What is Spear Tacklers Spine? A spinal condition that could put your son at risk for neurological complications if not corrected before tackling.
There have been increasing reports throughout the NFL and NCAA of increased brain injuries as a result of head and brain trauma. The good news is that spinal research has finally increased the awareness of return to play requirements. As I was growing up, I experienced this brain trauma first hand while playing football. When you got your head rattled and couldn’t remember what just happened, you simply got told to shake it off. There are several important things that can be done in order to still play football but limit your risk of serious injury. One thing to start with is getting a baseline for Impact testing. Impact testing needs a baseline to determine when your neurologic testing is back to being normal following a concussion. Without a baseline, it makes it difficult to determine what needs to be done in order to get back onto the field. The second thing that most don’t realize is the problem of “spear tackler’s spine”. It is common terminology in football to get what some would consider as a “stinger”. This is when you hit someone and you would get a shooting pain into the arm and hand. This occurs due to a sudden stretch of the brachial plexus, a bundle of nerves traveling from your neck down into your arm. The brachial plexus gives nerve supply to all the muscles of the arm and shoulder muscles.
A view into my past with my current understanding of the spine allows a complete understanding of what can happen when tackling in football starting at a young age. When I was 17 years old and playing at Glenbard North H.S., I started to get stingers several times a game. It would take a few moments to regain full control and the feeling back in my arm and hand. In my senior year, I had the honor of becoming All-Conference, All Area, All-State, and DVC defensive player of the year. This great news didn’t solve the problem I was worried about, which was constantly having my arm go numb. I had shoulder surgery that was supposedly the reason I had weakness when holding my arm out to the side. I had some full ride offers from NAIA and Division 2 schools, but being 5’9’’, I was not cut out to be a linebacker in a Division 1 program. I ended up playing D3 football at North Central in Naperville but I quickly realized during practice hitting drills that I would still get stingers. I decided at that point it was not worth playing anymore. I put all of my effort into rugby, which surprisingly caused me to experience no pain in my arm and shoulder when tackling. I played rugby for nearly 10 years and never had an issue when tackling with getting “stingers”, not even once in 8 years of playing rugby. I finally applied what I learned in chiropractic school and CBP technique in 2013 by taking a side-view x-ray of my neck. What I learned was there was major curve loss in my neck that was congruent with the pain that I felt when I played football nearly 10 years ago. My instability was large enough to give me an impairment score based off the AMA (American Medical Association) guidelines. This means that this condition would be something that I could face for the rest of my life if I didn’t do anything to take care of it. The whiplash that occurred with the tackling technique that was used for the past decades at the time caused constant hyperextension of the neck and head. This is similar to the motion that occurs in a car accident. Recently, I got my hands on a research study written back in 1993 by Torg in the American Journal of Sports Medicine. This study found that people that had a decrease in the curve in their neck were at greater risk of having injuries to the brachial plexus, which could result in permanent neurological deficit. This made sense to me; finally, I looked at my neck-side view x-ray and found I had a curve of 2 degrees in my neck. The ideal value that Harrison et al found present in an ideal neck should be 42 degrees. This decrease in curve was the reason why I was getting such bad pain when playing football. This type of curve according to Torg et al study means that I was at high risk of getting exactly what I got (stingers). Torg et al termed this Spear Tackler’s spine. If I could have done this corrective type of chiropractic care, I could have prevented this pain and impairment from occurring in the first place.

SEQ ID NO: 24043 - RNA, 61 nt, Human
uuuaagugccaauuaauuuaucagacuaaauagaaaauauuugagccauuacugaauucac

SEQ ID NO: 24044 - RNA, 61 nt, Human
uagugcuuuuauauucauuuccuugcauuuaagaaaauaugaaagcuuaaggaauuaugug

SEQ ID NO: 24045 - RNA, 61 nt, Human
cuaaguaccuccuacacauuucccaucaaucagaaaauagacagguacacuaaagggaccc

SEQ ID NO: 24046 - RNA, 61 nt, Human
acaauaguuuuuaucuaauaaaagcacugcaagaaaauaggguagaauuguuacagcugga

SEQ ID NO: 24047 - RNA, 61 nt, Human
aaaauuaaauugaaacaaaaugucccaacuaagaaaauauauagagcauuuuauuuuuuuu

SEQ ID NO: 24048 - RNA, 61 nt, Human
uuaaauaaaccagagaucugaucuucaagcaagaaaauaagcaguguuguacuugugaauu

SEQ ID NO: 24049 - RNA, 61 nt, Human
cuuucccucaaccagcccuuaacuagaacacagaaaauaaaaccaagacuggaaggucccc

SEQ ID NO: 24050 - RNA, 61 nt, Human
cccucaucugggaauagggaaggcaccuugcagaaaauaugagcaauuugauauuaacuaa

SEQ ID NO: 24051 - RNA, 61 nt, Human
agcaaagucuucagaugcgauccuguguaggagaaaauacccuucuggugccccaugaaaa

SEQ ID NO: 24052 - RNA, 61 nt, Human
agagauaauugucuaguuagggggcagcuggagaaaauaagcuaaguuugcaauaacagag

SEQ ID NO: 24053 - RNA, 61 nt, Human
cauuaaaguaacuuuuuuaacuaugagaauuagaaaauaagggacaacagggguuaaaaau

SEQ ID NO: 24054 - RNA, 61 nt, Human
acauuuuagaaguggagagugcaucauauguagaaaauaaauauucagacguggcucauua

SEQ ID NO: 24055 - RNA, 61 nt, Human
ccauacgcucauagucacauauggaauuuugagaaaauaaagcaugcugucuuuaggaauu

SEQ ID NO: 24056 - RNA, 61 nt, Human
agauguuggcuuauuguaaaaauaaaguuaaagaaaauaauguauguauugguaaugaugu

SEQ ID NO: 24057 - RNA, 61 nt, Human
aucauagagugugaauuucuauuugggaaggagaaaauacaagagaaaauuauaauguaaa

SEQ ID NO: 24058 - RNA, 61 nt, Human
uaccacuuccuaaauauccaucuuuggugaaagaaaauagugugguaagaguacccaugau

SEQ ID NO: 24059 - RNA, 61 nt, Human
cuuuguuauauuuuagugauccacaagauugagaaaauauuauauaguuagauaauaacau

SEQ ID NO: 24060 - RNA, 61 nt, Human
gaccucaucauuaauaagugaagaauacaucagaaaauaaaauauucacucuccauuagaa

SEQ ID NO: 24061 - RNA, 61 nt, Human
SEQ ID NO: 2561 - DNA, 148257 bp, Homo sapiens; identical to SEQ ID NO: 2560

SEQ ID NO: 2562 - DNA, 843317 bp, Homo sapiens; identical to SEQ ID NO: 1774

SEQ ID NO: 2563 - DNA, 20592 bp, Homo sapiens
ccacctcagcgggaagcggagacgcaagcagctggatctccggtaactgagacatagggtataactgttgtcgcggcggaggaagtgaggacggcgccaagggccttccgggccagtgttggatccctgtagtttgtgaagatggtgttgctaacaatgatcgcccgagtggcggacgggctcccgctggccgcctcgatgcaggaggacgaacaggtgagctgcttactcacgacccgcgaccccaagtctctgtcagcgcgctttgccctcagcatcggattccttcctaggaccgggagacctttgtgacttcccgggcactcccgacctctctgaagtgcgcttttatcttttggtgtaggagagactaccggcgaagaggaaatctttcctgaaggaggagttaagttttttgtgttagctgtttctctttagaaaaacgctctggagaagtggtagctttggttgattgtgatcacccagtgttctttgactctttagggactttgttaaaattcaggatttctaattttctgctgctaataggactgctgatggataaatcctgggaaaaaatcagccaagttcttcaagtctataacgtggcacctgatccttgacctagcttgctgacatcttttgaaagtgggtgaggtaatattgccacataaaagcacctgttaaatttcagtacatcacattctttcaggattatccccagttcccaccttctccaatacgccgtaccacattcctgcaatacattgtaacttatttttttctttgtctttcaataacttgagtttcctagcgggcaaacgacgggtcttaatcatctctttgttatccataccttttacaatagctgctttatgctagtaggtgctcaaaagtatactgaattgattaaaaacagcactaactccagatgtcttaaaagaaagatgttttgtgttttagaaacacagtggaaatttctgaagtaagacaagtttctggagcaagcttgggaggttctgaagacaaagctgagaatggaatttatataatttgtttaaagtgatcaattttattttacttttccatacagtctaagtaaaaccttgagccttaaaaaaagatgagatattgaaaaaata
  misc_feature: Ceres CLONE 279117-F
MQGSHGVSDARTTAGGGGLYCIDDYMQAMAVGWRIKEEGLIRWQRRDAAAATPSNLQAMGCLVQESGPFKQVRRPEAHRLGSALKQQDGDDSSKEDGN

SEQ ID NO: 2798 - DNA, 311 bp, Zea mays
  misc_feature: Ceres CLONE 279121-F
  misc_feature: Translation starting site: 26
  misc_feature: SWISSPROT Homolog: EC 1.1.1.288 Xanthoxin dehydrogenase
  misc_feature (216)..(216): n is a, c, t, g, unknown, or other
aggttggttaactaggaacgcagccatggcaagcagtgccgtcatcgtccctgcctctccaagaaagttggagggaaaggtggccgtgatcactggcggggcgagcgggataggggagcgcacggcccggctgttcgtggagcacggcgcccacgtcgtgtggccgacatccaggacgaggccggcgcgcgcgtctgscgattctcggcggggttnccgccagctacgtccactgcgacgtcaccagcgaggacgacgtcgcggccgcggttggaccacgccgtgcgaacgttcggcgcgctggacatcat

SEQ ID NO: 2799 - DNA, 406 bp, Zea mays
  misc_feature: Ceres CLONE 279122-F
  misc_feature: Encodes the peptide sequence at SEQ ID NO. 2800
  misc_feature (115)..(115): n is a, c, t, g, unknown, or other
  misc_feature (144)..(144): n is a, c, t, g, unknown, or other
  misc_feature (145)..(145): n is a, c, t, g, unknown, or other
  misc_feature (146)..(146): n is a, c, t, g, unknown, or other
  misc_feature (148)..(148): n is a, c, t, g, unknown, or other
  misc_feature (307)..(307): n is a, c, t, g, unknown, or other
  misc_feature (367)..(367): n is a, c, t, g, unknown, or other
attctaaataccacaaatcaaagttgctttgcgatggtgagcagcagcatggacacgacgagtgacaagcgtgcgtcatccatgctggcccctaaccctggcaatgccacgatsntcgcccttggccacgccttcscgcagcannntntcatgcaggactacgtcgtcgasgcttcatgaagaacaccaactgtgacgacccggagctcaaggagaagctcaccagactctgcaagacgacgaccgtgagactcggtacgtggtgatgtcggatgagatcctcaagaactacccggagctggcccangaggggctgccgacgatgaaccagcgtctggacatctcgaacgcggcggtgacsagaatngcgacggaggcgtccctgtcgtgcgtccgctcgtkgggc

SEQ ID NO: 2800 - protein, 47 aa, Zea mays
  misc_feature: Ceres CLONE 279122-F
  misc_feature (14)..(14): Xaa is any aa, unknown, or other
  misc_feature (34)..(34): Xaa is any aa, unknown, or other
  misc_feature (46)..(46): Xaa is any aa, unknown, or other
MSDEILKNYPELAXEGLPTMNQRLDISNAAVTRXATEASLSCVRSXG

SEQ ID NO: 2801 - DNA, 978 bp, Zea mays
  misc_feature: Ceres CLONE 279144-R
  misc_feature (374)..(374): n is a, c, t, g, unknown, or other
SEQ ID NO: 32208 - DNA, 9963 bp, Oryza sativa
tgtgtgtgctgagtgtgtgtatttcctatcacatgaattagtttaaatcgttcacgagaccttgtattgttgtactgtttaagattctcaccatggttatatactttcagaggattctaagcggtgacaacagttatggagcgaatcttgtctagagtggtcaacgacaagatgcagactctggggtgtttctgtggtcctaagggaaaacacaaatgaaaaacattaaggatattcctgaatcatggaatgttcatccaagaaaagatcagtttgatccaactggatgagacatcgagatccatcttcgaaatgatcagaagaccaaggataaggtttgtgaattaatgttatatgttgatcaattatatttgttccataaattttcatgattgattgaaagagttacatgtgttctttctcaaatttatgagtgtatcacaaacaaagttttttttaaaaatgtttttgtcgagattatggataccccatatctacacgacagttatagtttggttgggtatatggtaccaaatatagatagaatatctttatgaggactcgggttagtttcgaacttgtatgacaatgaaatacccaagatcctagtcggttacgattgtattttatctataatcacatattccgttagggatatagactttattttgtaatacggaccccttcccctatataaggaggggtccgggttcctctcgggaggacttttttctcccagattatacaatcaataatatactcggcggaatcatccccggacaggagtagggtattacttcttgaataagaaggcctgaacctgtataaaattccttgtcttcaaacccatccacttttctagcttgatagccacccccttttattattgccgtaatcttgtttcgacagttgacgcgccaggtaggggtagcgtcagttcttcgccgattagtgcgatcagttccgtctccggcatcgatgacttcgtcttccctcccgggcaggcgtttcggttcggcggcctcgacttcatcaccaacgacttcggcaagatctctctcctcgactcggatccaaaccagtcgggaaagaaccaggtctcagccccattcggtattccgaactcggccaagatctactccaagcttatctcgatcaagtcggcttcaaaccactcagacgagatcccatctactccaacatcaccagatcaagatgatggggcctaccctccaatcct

One question people might ask would be, why didn’t I get pain when I was playing rugby? The reason is that in rugby, tackling techniques focus to take the head and neck out of the tackle. Looking at current news, we see reports from the Seattle Seahawks and their unique tackling technique that was adopted from rugby overseas. The defense has been using a “rugby approach” to tackling. Rather than putting the face mask in the numbers. They have the players keep their head out of the tackle all together. This causes the impact to be on the players should pads, rather than their head. They found that rugby players were very good at protecting the neck in their tackles, so why not bring the same thing over to football.
When playing football or any contact sport, one should make sure that their structure is in its optimal position to distribute the force. This would be no different than crash testing that is performed on a car. If a force is going to be applied to certain structures, we want to make sure it can withhold the stress and not create health problems for future generations to come.
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